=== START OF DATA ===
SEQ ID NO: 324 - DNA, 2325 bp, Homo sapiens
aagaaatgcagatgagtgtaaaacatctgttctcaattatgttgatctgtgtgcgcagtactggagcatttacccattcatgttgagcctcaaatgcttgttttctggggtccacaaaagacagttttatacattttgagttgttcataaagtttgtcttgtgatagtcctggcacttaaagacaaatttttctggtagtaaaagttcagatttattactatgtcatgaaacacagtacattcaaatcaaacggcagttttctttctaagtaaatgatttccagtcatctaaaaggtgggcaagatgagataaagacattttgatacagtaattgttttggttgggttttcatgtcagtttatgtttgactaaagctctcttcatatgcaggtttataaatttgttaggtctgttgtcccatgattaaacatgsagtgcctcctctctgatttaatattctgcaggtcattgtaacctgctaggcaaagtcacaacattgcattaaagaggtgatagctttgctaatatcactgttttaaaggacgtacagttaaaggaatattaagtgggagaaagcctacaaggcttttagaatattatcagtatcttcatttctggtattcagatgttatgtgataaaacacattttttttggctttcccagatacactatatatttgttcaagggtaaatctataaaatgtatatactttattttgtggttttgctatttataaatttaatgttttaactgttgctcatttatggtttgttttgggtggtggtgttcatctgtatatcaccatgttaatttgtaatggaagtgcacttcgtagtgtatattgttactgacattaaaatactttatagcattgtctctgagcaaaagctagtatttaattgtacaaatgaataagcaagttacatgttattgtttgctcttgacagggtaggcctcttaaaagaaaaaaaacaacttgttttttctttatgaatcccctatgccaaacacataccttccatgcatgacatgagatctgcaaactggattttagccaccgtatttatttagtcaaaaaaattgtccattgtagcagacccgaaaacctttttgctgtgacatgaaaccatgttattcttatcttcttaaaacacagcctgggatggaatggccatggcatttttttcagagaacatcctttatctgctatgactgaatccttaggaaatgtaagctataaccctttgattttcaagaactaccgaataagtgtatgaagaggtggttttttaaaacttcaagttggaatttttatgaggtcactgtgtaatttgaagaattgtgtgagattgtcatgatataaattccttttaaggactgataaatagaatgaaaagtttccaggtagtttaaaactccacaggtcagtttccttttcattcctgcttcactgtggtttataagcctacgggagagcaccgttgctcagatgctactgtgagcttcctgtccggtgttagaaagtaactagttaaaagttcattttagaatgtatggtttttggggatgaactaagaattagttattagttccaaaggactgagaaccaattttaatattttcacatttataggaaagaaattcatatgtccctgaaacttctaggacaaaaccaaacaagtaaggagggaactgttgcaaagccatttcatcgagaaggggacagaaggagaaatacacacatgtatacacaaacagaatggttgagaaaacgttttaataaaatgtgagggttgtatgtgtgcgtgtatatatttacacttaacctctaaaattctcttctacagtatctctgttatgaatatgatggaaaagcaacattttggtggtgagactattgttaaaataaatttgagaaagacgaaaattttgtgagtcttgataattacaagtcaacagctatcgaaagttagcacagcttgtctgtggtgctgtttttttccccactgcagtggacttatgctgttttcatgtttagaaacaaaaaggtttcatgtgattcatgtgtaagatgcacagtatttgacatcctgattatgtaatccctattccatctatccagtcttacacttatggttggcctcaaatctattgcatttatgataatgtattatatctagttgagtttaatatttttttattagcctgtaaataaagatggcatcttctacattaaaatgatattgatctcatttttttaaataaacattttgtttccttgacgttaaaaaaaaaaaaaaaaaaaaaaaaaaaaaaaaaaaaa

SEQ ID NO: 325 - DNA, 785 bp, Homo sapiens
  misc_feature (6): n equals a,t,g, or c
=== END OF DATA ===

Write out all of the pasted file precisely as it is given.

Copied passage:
SEQ ID NO: 324 - DNA, 2325 bp, Homo sapiens
aagaaatgcagatgagtgtaaaacatctgttctcaattatgttgatctgtgtgcgcagtactggagcatttacccattcatgttgagcctcaaatgcttgttttctggggtccacaaaagacagttttatacattttgagttgttcataaagtttgtcttgtgatagtcctggcacttaaagacaaatttttctggtagtaaaagttcagatttattactatgtcatgaaacacagtacattcaaatcaaacggcagttttctttctaagtaaatgatttccagtcatctaaaaggtgggcaagatgagataaagacattttgatacagtaattgttttggttgggttttcatgtcagtttatgtttgactaaagctctcttcatatgcaggtttataaatttgttaggtctgttgtcccatgattaaacatgsagtgcctcctctctgatttaatattctgcaggtcattgtaacctgctaggcaaagtcacaacattgcattaaagaggtgatagctttgctaatatcactgttttaaaggacgtacagttaaaggaatattaagtgggagaaagcctacaaggcttttagaatattatcagtatcttcatttctggtattcagatgttatgtgataaaacacattttttttggctttcccagatacactatatatttgttcaagggtaaatctataaaatgtatatactttattttgtggttttgctatttataaatttaatgttttaactgttgctcatttatggtttgttttgggtggtggtgttcatctgtatatcaccatgttaatttgtaatggaagtgcacttcgtagtgtatattgttactgacattaaaatactttatagcattgtctctgagcaaaagctagtatttaattgtacaaatgaataagcaagttacatgttattgtttgctcttgacagggtaggcctcttaaaagaaaaaaaacaacttgttttttctttatgaatcccctatgccaaacacataccttccatgcatgacatgagatctgcaaactggattttagccaccgtatttatttagtcaaaaaaattgtccattgtagcagacccgaaaacctttttgctgtgacatgaaaccatgttattcttatcttcttaaaacacagcctgggatggaatggccatggcatttttttcagagaacatcctttatctgctatgactgaatccttaggaaatgtaagctataaccctttgattttcaagaactaccgaataagtgtatgaagaggtggttttttaaaacttcaagttggaatttttatgaggtcactgtgtaatttgaagaattgtgtgagattgtcatgatataaattccttttaaggactgataaatagaatgaaaagtttccaggtagtttaaaactccacaggtcagtttccttttcattcctgcttcactgtggtttataagcctacgggagagcaccgttgctcagatgctactgtgagcttcctgtccggtgttagaaagtaactagttaaaagttcattttagaatgtatggtttttggggatgaactaagaattagttattagttccaaaggactgagaaccaattttaatattttcacatttataggaaagaaattcatatgtccctgaaacttctaggacaaaaccaaacaagtaaggagggaactgttgcaaagccatttcatcgagaaggggacagaaggagaaatacacacatgtatacacaaacagaatggttgagaaaacgttttaataaaatgtgagggttgtatgtgtgcgtgtatatatttacacttaacctctaaaattctcttctacagtatctctgttatgaatatgatggaaaagcaacattttggtggtgagactattgttaaaataaatttgagaaagacgaaaattttgtgagtcttgataattacaagtcaacagctatcgaaagttagcacagcttgtctgtggtgctgtttttttccccactgcagtggacttatgctgttttcatgtttagaaacaaaaaggtttcatgtgattcatgtgtaagatgcacagtatttgacatcctgattatgtaatccctattccatctatccagtcttacacttatggttggcctcaaatctattgcatttatgataatgtattatatctagttgagtttaatatttttttattagcctgtaaataaagatggcatcttctacattaaaatgatattgatctcatttttttaaataaacattttgtttccttgacgttaaaaaaaaaaaaaaaaaaaaaaaaaaaaaaaaaaaaa

SEQ ID NO: 325 - DNA, 785 bp, Homo sapiens
  misc_feature (6): n equals a,t,g, or c